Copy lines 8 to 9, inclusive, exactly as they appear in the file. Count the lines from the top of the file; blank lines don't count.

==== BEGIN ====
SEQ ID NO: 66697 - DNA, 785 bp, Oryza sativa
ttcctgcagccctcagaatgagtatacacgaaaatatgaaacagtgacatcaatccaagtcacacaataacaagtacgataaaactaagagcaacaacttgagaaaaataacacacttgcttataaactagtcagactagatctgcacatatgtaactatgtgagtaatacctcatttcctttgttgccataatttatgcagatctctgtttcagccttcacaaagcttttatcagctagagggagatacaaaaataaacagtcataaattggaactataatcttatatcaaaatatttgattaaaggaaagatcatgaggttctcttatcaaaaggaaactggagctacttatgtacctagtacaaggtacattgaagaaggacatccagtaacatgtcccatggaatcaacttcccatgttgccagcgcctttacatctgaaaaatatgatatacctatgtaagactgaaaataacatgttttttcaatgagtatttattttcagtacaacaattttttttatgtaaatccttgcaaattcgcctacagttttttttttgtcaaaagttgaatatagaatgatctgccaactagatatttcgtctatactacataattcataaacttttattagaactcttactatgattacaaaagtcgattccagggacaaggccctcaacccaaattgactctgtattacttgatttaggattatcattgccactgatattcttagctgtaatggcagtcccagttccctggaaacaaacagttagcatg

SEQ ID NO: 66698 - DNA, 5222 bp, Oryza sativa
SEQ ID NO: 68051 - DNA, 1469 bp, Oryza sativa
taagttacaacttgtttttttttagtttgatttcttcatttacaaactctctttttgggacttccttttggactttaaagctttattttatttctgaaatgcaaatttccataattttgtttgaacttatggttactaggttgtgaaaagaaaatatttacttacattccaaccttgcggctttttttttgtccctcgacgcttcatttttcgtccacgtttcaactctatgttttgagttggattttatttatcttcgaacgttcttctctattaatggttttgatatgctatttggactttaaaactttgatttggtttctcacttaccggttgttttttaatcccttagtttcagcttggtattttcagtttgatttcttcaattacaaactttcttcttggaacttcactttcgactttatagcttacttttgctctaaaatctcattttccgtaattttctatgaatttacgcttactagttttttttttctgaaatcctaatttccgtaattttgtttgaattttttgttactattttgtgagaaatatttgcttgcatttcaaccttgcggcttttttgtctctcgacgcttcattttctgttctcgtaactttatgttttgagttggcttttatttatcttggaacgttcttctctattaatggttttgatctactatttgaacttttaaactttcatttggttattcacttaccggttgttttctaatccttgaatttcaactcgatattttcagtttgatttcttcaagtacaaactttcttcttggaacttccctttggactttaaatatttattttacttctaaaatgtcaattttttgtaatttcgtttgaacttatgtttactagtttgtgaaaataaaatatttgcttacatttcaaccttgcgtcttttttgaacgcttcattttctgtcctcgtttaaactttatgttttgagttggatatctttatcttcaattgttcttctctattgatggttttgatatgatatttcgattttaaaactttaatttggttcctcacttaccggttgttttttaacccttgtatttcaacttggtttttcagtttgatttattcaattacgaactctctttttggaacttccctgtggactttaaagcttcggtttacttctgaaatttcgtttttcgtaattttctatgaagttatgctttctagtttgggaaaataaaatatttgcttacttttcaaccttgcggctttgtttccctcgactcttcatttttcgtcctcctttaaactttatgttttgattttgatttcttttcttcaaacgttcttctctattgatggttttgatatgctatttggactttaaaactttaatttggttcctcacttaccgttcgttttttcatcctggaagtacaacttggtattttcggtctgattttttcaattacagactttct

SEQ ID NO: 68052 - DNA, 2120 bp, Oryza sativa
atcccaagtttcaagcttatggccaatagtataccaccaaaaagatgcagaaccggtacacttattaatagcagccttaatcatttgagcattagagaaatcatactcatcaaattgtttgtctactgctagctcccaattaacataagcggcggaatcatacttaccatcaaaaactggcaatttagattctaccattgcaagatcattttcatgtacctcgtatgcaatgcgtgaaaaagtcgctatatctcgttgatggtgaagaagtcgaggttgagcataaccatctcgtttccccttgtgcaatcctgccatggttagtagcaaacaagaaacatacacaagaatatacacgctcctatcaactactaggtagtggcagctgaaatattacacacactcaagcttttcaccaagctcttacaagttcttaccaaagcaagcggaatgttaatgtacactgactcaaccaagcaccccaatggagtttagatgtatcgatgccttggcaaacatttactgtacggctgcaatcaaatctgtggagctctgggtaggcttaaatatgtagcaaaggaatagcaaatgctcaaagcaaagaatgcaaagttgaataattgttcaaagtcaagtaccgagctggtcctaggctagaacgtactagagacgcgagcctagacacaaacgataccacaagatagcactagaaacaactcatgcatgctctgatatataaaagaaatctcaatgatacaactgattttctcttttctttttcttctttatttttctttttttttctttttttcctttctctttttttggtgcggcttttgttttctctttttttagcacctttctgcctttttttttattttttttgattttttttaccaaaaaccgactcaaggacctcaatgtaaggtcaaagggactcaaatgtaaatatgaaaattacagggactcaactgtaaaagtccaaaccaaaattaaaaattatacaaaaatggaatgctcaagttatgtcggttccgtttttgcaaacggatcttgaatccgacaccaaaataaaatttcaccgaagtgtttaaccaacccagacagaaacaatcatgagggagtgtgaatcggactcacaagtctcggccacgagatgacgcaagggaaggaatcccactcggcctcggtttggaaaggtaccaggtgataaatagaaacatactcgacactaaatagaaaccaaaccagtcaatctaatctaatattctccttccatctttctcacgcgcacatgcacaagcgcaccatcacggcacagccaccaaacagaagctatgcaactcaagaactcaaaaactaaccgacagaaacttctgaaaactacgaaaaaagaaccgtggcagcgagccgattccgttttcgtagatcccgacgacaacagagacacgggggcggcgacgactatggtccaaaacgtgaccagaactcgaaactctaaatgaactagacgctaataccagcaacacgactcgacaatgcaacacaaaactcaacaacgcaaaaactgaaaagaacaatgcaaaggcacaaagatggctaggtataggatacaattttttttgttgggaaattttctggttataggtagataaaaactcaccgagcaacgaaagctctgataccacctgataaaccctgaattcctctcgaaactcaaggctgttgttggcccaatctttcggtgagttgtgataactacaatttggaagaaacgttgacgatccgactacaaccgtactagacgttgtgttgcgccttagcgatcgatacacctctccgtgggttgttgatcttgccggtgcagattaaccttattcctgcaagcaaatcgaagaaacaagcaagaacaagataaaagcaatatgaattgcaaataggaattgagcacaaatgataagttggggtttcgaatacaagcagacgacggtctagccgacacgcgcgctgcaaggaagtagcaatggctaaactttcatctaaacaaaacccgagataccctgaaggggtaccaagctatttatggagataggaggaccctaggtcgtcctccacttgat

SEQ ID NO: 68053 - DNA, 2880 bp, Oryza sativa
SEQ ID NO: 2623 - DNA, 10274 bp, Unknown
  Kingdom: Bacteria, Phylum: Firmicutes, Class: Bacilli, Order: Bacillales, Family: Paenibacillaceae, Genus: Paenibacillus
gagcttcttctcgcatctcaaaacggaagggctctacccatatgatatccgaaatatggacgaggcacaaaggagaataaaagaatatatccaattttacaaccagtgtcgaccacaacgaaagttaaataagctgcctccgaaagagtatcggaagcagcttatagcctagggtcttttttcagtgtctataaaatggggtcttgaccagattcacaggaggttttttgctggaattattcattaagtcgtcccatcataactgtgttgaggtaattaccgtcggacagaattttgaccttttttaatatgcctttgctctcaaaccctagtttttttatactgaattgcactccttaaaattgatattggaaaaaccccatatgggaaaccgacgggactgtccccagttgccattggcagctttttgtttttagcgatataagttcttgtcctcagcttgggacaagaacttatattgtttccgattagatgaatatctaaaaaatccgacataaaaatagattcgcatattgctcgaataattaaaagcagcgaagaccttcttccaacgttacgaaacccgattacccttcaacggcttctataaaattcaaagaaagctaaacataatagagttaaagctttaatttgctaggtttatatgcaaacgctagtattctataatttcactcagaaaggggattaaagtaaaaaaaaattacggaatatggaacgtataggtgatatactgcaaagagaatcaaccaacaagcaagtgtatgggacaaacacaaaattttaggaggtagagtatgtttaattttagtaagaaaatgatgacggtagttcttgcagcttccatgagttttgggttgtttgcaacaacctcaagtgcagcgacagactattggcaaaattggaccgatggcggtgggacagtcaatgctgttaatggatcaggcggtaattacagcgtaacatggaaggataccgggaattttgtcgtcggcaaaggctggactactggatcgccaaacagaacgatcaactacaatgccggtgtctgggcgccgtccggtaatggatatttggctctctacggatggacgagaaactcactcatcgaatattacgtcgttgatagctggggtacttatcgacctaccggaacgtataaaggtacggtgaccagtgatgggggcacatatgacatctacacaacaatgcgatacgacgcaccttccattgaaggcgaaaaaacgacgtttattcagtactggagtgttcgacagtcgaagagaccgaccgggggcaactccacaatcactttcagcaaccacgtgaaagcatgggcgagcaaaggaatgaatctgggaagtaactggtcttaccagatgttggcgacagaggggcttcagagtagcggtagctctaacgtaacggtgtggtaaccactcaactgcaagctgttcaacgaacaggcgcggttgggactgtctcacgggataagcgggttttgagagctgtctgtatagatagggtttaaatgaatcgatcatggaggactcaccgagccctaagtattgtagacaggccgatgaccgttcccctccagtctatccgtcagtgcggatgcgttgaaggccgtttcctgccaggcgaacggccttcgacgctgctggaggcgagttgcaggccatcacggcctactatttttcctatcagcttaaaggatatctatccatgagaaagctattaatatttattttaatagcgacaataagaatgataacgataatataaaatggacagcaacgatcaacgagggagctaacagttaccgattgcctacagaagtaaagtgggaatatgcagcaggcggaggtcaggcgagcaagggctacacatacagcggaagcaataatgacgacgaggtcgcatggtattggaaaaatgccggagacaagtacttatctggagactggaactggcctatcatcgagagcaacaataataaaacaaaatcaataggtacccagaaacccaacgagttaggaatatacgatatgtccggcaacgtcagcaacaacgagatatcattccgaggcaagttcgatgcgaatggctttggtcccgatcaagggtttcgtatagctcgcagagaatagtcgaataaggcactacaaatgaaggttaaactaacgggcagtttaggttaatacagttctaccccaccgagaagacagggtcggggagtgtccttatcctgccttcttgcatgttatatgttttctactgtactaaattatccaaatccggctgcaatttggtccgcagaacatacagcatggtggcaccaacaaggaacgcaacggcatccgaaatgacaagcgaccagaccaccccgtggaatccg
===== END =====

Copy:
SEQ ID NO: 68053 - DNA, 2880 bp, Oryza sativa
SEQ ID NO: 2623 - DNA, 10274 bp, Unknown